I study how species interactions affect community dynamics, particularly in the context of climate change. My main research project uses data science techniques such as machine learning to build new tools for quantifying the competitive interactions among tree species. I am also investigating how the availability of mycorrhizal fungi may influence the responses of coniferous trees to climate change.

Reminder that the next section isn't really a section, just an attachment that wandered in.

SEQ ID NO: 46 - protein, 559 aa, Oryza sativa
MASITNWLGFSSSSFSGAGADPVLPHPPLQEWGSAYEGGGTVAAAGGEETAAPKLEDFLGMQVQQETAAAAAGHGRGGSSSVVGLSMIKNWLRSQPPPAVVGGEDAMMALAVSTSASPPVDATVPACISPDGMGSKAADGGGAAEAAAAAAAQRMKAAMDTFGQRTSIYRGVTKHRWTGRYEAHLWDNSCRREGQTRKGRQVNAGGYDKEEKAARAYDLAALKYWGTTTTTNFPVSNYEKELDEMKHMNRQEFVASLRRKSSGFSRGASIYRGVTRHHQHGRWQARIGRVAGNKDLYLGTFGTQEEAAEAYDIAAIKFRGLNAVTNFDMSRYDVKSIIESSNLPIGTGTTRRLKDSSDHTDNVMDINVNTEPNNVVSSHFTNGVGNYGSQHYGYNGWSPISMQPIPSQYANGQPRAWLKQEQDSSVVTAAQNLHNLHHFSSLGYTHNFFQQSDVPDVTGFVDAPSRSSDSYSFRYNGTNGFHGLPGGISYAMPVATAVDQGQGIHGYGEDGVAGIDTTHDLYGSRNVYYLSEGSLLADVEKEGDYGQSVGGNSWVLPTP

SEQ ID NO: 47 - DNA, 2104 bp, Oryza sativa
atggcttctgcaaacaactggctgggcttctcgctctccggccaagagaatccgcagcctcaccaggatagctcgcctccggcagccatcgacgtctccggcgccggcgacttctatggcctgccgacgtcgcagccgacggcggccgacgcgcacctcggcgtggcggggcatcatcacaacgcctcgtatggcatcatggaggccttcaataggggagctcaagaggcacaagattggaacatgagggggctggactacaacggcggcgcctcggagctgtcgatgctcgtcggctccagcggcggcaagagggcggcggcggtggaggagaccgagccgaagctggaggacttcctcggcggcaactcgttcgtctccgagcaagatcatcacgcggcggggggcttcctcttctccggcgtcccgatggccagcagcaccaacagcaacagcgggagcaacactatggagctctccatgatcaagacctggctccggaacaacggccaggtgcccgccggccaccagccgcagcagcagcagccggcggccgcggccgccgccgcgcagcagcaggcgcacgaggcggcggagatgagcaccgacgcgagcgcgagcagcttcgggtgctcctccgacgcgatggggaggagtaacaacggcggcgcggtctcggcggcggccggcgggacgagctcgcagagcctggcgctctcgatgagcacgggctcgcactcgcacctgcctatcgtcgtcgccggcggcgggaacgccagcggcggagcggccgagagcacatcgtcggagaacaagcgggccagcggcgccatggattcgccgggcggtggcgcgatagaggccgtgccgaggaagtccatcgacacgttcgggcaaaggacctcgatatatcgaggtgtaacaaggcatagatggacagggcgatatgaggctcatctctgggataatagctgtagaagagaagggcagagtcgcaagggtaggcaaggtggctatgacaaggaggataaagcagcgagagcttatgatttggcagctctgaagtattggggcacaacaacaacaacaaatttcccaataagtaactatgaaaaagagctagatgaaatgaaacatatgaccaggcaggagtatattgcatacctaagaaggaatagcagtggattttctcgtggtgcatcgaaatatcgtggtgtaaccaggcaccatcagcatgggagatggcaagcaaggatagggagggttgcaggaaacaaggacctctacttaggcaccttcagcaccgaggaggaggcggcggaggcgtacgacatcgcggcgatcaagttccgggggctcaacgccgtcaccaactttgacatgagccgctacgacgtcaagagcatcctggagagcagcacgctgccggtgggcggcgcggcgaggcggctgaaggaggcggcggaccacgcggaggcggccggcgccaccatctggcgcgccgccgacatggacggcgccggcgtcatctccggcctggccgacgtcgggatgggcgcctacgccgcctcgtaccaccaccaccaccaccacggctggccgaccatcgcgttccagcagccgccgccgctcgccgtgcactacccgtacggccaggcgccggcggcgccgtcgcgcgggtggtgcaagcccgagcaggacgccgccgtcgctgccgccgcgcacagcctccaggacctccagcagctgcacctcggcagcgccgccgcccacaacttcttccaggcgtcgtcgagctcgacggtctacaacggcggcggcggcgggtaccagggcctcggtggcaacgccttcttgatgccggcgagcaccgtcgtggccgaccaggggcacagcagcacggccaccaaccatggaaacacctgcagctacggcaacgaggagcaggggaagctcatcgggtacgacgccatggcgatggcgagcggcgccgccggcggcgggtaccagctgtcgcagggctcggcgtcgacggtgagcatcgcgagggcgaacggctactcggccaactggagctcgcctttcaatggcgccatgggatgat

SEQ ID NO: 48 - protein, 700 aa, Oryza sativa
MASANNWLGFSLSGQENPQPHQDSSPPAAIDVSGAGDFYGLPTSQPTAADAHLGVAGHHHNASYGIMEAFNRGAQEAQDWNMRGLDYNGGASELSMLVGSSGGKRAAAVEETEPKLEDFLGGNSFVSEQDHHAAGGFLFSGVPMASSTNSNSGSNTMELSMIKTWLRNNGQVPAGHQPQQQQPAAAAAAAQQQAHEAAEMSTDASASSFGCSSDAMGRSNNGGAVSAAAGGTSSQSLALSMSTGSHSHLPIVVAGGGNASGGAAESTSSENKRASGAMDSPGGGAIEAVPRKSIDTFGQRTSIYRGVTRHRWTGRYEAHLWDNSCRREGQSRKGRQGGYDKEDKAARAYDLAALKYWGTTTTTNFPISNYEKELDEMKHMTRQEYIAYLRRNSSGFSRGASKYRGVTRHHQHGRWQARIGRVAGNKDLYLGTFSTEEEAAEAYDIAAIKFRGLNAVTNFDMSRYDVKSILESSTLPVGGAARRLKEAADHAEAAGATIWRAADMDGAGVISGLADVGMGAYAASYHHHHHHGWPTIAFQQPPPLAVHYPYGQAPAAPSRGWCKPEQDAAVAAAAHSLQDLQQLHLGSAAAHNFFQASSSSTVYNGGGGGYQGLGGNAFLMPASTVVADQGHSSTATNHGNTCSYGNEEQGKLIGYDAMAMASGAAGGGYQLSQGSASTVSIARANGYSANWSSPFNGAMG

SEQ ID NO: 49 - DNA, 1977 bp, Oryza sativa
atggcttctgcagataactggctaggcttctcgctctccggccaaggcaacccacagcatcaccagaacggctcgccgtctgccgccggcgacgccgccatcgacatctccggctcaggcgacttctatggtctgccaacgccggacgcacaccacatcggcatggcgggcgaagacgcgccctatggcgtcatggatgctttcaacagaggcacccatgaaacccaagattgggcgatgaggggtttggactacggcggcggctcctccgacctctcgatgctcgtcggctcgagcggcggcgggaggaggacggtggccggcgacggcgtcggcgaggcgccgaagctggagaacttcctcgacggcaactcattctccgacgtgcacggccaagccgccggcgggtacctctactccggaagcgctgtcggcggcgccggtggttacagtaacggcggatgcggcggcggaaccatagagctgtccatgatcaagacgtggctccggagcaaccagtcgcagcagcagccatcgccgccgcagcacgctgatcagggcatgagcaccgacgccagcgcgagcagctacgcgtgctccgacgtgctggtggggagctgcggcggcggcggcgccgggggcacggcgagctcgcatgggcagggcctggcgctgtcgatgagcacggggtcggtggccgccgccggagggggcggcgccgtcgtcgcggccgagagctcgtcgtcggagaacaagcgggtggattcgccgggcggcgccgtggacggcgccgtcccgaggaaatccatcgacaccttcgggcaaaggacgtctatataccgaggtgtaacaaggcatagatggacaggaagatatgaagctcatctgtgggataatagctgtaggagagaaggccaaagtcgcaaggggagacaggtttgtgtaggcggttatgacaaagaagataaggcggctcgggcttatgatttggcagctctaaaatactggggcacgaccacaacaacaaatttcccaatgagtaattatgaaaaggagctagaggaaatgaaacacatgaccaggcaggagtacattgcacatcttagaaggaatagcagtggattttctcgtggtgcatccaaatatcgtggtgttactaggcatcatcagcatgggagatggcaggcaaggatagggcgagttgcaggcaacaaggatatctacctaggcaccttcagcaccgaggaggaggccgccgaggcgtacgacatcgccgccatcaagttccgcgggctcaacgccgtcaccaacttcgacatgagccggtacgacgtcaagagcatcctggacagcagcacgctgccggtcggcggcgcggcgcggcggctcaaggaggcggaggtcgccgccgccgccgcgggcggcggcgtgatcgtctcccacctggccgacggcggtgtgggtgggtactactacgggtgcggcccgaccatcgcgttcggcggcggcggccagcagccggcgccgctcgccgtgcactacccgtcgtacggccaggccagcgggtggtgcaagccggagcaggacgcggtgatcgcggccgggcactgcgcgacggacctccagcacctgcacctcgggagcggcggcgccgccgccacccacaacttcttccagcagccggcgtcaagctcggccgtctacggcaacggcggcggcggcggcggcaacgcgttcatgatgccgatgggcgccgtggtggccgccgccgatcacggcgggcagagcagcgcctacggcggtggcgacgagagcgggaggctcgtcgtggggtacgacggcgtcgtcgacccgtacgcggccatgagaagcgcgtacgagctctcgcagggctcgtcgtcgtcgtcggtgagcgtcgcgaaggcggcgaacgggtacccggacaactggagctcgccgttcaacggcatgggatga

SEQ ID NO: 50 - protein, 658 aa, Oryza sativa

I completed an undergraduate degree in biology at the University of Bristol in the UK. I then took part in the Erasmus Mundus Master Programme in Evolutionary Biology, resulting in two masters degrees from Uppsala University in Sweden and University of Montpellier in France. My masters research included lab experiments of hermaphroditic snail mating, field experiments of pollinator-mediated reproductive isolation in plants, and a literature review of methods to estimate effective population size. I then worked as a research assistant at UC Santa Barbara, conducting statistical analyses on the responses of ecological communities in East Africa to the experimental exclusion of large mammals.